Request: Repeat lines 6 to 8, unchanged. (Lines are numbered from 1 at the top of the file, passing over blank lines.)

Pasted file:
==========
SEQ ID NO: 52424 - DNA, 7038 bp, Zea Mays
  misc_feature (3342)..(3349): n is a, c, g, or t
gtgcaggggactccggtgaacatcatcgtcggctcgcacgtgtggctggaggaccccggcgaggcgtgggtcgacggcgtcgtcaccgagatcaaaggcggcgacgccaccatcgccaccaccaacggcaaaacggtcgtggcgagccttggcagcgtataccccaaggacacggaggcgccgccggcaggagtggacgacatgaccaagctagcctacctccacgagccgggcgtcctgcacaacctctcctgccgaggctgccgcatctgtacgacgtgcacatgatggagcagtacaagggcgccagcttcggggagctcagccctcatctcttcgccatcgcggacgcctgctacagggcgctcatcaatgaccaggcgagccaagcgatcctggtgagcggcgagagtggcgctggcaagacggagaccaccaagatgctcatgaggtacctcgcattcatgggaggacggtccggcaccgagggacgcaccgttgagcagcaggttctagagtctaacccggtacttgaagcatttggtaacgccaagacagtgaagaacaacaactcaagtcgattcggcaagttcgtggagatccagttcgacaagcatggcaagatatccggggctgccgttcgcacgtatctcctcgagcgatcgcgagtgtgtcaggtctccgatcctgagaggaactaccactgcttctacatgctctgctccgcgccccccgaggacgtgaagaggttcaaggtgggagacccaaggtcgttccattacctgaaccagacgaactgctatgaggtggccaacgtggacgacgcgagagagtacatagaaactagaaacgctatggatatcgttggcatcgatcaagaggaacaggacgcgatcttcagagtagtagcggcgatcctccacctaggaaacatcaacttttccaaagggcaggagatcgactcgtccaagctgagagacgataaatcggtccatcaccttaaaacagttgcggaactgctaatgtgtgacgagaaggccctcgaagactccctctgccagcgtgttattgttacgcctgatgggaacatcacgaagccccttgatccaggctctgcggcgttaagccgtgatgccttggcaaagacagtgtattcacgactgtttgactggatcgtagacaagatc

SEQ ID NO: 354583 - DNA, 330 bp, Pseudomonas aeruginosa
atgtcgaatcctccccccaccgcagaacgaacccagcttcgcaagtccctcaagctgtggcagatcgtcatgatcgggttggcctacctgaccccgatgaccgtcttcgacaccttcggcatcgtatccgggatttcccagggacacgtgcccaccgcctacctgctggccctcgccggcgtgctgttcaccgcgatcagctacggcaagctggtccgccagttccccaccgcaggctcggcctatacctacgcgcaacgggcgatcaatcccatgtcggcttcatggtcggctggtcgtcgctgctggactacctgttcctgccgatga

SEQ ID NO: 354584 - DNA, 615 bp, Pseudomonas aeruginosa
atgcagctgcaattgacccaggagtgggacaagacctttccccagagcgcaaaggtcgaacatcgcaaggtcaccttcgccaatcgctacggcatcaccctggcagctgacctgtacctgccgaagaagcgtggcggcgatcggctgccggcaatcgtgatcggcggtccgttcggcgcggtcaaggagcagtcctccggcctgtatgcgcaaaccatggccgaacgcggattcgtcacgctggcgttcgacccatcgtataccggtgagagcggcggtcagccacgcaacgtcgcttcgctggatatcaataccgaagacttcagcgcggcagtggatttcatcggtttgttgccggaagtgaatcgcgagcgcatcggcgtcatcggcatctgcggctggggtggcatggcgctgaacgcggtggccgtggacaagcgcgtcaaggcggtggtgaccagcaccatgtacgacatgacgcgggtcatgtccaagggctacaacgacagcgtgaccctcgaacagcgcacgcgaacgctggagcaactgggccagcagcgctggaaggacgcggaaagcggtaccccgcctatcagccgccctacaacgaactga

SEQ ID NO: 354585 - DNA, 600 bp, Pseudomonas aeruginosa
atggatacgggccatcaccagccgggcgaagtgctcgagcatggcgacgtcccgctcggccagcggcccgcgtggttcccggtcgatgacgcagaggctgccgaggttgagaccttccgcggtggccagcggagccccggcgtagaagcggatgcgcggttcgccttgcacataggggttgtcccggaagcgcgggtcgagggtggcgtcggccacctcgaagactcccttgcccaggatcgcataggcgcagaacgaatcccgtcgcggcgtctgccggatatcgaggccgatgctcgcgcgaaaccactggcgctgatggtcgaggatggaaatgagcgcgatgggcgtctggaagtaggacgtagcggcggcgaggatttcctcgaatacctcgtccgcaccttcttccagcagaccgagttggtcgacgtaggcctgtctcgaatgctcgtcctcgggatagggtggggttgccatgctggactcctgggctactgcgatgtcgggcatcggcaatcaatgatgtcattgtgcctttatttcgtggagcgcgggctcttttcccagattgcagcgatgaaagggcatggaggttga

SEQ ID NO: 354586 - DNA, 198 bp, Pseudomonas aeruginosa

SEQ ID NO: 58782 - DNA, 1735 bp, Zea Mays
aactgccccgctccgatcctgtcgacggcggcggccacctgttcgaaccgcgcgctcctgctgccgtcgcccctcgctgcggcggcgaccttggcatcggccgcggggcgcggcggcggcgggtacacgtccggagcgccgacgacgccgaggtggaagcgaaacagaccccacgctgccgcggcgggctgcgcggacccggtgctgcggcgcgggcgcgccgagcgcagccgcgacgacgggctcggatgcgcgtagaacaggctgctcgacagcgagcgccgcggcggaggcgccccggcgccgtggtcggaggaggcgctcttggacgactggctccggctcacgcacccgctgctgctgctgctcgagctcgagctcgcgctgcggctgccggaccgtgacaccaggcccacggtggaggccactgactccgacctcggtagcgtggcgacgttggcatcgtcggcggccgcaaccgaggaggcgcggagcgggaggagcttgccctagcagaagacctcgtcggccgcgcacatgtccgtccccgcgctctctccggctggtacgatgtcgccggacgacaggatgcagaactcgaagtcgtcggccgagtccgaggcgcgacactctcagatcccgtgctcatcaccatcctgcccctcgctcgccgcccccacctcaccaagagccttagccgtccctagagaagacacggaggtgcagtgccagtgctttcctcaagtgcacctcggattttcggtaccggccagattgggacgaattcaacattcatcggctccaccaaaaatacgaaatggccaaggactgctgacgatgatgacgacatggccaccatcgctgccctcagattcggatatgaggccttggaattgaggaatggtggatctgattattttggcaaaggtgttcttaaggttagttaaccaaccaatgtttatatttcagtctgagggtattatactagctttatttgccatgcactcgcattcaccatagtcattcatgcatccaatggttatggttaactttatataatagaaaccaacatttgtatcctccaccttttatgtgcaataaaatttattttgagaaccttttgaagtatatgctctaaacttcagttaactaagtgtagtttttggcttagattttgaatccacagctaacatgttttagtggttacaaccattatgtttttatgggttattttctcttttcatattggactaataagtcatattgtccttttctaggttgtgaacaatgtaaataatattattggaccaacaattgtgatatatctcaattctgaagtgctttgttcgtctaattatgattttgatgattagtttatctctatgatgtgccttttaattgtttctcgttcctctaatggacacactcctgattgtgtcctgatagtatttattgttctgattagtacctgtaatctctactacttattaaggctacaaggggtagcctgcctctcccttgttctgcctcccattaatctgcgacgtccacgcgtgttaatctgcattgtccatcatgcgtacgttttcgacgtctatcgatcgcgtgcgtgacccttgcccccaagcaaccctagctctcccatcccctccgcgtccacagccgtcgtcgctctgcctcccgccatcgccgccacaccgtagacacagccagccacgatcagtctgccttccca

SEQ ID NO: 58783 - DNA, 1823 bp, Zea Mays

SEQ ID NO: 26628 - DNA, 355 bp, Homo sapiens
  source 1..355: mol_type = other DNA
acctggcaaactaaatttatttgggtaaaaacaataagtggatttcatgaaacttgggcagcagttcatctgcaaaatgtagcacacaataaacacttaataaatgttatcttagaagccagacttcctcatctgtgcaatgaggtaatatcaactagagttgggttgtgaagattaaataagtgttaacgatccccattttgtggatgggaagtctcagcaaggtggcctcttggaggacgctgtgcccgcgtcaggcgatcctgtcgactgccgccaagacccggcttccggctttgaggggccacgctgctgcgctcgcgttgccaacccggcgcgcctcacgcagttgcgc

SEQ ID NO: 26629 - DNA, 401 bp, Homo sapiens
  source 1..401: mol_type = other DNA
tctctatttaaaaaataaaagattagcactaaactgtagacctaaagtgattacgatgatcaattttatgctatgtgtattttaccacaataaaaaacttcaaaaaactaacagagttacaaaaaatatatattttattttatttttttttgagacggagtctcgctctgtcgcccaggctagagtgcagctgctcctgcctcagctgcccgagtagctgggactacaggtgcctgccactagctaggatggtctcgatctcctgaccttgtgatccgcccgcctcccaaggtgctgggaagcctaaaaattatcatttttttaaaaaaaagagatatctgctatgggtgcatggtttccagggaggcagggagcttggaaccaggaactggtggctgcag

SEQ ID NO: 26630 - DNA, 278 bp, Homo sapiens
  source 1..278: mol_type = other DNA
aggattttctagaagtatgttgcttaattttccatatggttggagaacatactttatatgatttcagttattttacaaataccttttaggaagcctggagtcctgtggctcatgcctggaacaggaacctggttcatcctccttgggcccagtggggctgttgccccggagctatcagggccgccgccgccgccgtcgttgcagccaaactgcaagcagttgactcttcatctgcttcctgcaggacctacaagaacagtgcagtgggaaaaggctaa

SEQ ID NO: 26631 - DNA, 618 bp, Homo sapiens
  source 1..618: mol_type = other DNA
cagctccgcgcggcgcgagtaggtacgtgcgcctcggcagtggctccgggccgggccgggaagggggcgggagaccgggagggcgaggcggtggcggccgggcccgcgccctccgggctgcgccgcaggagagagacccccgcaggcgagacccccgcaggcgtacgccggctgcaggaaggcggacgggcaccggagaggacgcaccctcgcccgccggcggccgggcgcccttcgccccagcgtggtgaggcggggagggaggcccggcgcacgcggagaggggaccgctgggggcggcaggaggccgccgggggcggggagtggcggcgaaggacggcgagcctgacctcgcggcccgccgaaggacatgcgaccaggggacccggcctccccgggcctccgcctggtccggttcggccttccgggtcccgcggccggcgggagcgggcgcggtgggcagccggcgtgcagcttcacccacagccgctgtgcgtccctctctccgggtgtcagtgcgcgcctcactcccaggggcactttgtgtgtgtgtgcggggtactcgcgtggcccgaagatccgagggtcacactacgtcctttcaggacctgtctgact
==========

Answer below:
SEQ ID NO: 354584 - DNA, 615 bp, Pseudomonas aeruginosa
atgcagctgcaattgacccaggagtgggacaagacctttccccagagcgcaaaggtcgaacatcgcaaggtcaccttcgccaatcgctacggcatcaccctggcagctgacctgtacctgccgaagaagcgtggcggcgatcggctgccggcaatcgtgatcggcggtccgttcggcgcggtcaaggagcagtcctccggcctgtatgcgcaaaccatggccgaacgcggattcgtcacgctggcgttcgacccatcgtataccggtgagagcggcggtcagccacgcaacgtcgcttcgctggatatcaataccgaagacttcagcgcggcagtggatttcatcggtttgttgccggaagtgaatcgcgagcgcatcggcgtcatcggcatctgcggctggggtggcatggcgctgaacgcggtggccgtggacaagcgcgtcaaggcggtggtgaccagcaccatgtacgacatgacgcgggtcatgtccaagggctacaacgacagcgtgaccctcgaacagcgcacgcgaacgctggagcaactgggccagcagcgctggaaggacgcggaaagcggtaccccgcctatcagccgccctacaacgaactga

SEQ ID NO: 354585 - DNA, 600 bp, Pseudomonas aeruginosa